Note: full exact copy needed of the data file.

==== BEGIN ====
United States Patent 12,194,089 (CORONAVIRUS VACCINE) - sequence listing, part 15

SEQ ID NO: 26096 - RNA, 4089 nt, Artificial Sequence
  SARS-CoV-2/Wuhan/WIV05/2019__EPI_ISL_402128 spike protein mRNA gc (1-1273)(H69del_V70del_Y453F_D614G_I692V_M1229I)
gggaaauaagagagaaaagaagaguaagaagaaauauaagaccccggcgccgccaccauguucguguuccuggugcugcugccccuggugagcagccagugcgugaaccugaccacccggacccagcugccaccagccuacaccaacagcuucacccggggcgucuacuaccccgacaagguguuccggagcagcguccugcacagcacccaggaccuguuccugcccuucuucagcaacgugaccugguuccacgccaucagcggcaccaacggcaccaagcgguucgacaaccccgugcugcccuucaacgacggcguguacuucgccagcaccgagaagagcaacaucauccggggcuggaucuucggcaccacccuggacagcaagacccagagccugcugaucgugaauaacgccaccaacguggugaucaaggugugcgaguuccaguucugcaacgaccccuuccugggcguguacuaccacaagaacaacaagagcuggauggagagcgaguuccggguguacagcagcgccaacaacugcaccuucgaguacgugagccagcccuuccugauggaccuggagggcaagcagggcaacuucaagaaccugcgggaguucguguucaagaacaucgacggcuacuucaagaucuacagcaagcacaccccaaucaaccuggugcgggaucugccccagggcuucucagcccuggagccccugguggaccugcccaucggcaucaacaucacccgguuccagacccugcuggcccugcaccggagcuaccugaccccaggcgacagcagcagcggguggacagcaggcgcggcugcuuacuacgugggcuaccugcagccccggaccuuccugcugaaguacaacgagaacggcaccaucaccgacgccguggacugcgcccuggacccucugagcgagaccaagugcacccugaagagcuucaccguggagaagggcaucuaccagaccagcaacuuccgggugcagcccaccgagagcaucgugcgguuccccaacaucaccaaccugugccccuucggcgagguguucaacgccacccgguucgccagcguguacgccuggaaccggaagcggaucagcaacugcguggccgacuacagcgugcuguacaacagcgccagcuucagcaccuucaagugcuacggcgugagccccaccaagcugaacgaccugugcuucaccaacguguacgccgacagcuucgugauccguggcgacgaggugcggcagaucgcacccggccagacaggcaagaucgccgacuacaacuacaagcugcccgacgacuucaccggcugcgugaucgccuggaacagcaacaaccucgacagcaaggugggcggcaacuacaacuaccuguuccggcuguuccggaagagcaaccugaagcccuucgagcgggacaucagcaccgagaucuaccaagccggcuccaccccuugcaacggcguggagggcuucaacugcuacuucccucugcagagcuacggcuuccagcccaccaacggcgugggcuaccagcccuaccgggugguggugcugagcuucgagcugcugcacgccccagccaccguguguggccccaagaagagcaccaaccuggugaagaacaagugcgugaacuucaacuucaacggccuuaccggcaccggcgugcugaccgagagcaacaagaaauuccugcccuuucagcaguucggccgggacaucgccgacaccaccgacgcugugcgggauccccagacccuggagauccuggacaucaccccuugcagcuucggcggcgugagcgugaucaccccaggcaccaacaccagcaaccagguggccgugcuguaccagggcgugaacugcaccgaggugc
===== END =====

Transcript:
United States Patent 12,194,089 (CORONAVIRUS VACCINE) - sequence listing, part 15

SEQ ID NO: 26096 - RNA, 4089 nt, Artificial Sequence
  SARS-CoV-2/Wuhan/WIV05/2019__EPI_ISL_402128 spike protein mRNA gc (1-1273)(H69del_V70del_Y453F_D614G_I692V_M1229I)
gggaaauaagagagaaaagaagaguaagaagaaauauaagaccccggcgccgccaccauguucguguuccuggugcugcugccccuggugagcagccagugcgugaaccugaccacccggacccagcugccaccagccuacaccaacagcuucacccggggcgucuacuaccccgacaagguguuccggagcagcguccugcacagcacccaggaccuguuccugcccuucuucagcaacgugaccugguuccacgccaucagcggcaccaacggcaccaagcgguucgacaaccccgugcugcccuucaacgacggcguguacuucgccagcaccgagaagagcaacaucauccggggcuggaucuucggcaccacccuggacagcaagacccagagccugcugaucgugaauaacgccaccaacguggugaucaaggugugcgaguuccaguucugcaacgaccccuuccugggcguguacuaccacaagaacaacaagagcuggauggagagcgaguuccggguguacagcagcgccaacaacugcaccuucgaguacgugagccagcccuuccugauggaccuggagggcaagcagggcaacuucaagaaccugcgggaguucguguucaagaacaucgacggcuacuucaagaucuacagcaagcacaccccaaucaaccuggugcgggaucugccccagggcuucucagcccuggagccccugguggaccugcccaucggcaucaacaucacccgguuccagacccugcuggcccugcaccggagcuaccugaccccaggcgacagcagcagcggguggacagcaggcgcggcugcuuacuacgugggcuaccugcagccccggaccuuccugcugaaguacaacgagaacggcaccaucaccgacgccguggacugcgcccuggacccucugagcgagaccaagugcacccugaagagcuucaccguggagaagggcaucuaccagaccagcaacuuccgggugcagcccaccgagagcaucgugcgguuccccaacaucaccaaccugugccccuucggcgagguguucaacgccacccgguucgccagcguguacgccuggaaccggaagcggaucagcaacugcguggccgacuacagcgugcuguacaacagcgccagcuucagcaccuucaagugcuacggcgugagccccaccaagcugaacgaccugugcuucaccaacguguacgccgacagcuucgugauccguggcgacgaggugcggcagaucgcacccggccagacaggcaagaucgccgacuacaacuacaagcugcccgacgacuucaccggcugcgugaucgccuggaacagcaacaaccucgacagcaaggugggcggcaacuacaacuaccuguuccggcuguuccggaagagcaaccugaagcccuucgagcgggacaucagcaccgagaucuaccaagccggcuccaccccuugcaacggcguggagggcuucaacugcuacuucccucugcagagcuacggcuuccagcccaccaacggcgugggcuaccagcccuaccgggugguggugcugagcuucgagcugcugcacgccccagccaccguguguggccccaagaagagcaccaaccuggugaagaacaagugcgugaacuucaacuucaacggccuuaccggcaccggcgugcugaccgagagcaacaagaaauuccugcccuuucagcaguucggccgggacaucgccgacaccaccgacgcugugcgggauccccagacccuggagauccuggacaucaccccuugcagcuucggcggcgugagcgugaucaccccaggcaccaacaccagcaaccagguggccgugcuguaccagggcgugaacugcaccgaggugc